They also react differently to this plant in various types of habitat. In a "big woods" scenario, where there is no agriculture around, they might eat it as fast as it comes out of the ground. If you are in an area with no cash-crop farming or in areas of big timber, they will likely eat the brassicas well. In fact, in many areas they won’t let the brassicas make it to the cold temperatures; they eat them as fast as they can grow.
In an agricultural area, typically they will leave this plant alone until the freeze. As a whitetail manager this is good because it allows me to gain tonnage. With bigger plants I can feed more deer for a longer time.
If you live in the South, I suggest trying brassicas before you dedicate vast acreage to the plant. And understand the deer probably won’t eat them until cold temperatures turn the plants palatable. Brassicas are a great late-season attraction and probably the best wintertime food source available to your herd.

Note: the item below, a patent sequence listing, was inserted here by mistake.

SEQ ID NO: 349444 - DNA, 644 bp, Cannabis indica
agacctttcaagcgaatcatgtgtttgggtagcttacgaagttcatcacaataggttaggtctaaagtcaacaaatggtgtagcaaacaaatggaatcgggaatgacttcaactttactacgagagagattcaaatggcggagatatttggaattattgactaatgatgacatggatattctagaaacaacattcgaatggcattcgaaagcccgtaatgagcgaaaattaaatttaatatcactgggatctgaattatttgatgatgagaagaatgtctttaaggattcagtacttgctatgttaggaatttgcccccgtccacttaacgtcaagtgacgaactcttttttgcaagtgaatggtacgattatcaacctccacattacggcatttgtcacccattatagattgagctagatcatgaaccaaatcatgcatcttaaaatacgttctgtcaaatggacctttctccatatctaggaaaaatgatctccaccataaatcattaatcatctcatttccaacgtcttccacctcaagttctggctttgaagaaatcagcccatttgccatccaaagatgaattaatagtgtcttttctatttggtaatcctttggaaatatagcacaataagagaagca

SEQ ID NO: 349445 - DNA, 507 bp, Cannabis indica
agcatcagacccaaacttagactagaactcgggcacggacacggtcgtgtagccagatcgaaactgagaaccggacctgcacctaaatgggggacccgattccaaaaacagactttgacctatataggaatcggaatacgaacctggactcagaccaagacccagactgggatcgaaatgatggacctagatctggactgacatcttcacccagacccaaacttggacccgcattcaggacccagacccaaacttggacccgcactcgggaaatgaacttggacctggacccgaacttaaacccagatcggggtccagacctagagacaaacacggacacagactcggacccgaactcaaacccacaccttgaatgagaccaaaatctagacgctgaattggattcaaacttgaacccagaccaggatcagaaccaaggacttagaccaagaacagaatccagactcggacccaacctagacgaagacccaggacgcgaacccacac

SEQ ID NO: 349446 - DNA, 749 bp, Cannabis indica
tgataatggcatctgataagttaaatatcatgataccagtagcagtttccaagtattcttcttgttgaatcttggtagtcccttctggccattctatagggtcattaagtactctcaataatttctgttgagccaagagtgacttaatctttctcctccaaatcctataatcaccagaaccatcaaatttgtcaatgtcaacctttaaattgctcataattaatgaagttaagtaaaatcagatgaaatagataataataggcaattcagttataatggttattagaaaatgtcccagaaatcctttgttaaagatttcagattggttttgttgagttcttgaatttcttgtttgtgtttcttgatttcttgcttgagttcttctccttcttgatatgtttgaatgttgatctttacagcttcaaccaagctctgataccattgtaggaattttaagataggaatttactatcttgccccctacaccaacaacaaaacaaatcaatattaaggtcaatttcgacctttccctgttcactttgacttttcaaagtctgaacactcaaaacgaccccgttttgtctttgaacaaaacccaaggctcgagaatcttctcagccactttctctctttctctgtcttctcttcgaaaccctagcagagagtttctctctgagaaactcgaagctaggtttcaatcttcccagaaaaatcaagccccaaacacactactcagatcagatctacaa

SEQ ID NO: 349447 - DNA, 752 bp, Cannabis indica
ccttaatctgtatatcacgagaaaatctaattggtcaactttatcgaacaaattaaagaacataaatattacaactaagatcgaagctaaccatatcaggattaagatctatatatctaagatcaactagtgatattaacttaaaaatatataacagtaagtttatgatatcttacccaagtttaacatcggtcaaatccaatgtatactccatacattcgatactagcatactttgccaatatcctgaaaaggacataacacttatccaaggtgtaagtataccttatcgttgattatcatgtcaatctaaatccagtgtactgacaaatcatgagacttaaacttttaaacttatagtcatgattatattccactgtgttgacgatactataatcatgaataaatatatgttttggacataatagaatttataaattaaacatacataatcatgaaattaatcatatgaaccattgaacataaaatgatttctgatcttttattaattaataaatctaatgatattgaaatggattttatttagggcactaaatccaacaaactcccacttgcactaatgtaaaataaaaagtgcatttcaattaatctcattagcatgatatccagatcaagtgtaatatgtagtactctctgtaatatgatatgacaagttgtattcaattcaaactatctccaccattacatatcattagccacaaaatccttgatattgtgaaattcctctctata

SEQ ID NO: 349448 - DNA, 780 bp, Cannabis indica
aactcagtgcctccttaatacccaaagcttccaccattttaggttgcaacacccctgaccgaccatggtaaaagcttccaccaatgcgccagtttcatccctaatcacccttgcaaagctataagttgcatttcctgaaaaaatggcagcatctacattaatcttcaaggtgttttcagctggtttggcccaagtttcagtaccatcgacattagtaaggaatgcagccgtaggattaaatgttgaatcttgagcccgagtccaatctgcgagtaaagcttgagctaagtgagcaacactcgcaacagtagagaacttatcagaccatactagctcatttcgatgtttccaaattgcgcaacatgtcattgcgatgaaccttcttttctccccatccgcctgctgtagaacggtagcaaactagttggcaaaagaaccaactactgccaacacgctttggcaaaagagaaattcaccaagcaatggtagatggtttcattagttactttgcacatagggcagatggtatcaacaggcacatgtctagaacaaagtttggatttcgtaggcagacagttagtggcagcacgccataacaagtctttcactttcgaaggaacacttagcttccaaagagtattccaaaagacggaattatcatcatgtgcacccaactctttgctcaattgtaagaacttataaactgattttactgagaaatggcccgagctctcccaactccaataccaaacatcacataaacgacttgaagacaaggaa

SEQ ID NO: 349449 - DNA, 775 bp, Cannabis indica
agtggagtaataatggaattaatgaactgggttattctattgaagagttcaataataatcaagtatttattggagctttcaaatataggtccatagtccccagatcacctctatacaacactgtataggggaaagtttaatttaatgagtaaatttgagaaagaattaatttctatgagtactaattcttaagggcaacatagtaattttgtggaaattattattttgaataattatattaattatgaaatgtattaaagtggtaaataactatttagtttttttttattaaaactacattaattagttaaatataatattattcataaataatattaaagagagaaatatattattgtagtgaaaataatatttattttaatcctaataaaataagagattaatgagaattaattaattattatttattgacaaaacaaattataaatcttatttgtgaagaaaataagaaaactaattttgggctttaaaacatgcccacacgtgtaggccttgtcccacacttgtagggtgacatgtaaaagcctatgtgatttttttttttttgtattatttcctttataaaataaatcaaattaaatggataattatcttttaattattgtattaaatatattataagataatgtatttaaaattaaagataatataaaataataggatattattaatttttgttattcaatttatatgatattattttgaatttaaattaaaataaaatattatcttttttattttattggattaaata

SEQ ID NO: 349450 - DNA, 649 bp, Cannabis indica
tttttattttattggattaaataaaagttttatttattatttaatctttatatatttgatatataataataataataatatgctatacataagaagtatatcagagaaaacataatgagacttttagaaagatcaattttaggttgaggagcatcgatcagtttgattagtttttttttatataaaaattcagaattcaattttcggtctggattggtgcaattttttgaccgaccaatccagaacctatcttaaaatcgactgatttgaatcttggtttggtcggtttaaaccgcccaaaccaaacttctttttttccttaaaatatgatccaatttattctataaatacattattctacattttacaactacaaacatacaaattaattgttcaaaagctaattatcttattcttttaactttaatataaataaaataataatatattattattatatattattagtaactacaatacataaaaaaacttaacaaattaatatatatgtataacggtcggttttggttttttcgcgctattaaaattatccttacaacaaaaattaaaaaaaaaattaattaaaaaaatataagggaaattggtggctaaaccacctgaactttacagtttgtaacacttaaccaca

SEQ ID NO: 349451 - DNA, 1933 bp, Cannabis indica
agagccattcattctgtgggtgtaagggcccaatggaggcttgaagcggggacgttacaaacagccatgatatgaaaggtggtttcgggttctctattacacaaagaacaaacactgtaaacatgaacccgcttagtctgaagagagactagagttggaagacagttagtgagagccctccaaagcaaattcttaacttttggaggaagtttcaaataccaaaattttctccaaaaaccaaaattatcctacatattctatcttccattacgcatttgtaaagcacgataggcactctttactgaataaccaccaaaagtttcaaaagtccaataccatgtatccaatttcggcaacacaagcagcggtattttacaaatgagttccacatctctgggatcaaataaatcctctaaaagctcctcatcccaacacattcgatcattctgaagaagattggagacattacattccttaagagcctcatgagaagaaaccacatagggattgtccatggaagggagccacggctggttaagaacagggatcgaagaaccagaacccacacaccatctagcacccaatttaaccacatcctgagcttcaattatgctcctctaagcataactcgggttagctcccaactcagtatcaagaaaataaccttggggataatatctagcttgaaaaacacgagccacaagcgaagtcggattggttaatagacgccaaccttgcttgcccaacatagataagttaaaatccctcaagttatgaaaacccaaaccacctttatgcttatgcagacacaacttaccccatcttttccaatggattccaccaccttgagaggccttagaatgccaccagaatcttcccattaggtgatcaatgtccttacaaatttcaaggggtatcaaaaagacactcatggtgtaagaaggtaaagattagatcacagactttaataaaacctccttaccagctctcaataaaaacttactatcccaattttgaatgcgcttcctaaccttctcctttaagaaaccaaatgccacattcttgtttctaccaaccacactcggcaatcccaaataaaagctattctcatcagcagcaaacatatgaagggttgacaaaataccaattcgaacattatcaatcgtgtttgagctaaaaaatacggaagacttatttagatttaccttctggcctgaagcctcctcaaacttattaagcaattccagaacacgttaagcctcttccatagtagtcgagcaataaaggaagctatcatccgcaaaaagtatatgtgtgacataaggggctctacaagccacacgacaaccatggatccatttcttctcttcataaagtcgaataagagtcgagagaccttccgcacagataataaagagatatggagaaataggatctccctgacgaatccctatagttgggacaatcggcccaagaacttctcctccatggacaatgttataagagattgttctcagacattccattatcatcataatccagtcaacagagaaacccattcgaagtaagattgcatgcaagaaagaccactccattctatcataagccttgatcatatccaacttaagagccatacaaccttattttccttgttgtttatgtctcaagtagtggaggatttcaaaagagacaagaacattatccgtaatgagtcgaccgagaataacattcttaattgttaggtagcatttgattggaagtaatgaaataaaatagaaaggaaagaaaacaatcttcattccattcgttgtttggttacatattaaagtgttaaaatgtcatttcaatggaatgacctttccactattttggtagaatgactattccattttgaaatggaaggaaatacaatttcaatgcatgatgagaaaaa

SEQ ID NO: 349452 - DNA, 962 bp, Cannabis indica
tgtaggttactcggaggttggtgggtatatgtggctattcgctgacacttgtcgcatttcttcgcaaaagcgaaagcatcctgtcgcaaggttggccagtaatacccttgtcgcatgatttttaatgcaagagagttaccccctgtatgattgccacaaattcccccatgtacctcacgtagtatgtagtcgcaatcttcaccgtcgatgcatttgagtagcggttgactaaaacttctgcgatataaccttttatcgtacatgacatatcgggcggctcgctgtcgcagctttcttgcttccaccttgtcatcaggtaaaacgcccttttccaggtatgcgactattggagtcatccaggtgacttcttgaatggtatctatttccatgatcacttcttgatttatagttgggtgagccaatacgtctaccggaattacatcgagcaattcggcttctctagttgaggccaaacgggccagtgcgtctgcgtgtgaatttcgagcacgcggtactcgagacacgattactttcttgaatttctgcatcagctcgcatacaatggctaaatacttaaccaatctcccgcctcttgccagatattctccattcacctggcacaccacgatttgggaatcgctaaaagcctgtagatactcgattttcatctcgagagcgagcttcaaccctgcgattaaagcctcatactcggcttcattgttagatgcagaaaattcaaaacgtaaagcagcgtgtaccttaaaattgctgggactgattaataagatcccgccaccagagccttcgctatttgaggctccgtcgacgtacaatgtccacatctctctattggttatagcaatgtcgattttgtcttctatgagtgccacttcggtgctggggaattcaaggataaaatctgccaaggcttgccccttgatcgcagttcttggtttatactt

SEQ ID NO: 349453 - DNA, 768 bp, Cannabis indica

Regardless of your goal, variety is a definite key. During the year the climate is changing, plants are changing and a whitetail’s needs are changing. You want to make sure you have a food to supply them what they need regardless of the conditions or time of year. A good management program probably will stress the importance of both good nutrition to help grow big, healthy whitetails and attraction to help with animal sightings and your harvest goals.
Todd Amenrud is the Director of Public Relations, Territory Manager & Habitat Consultant for BioLogic.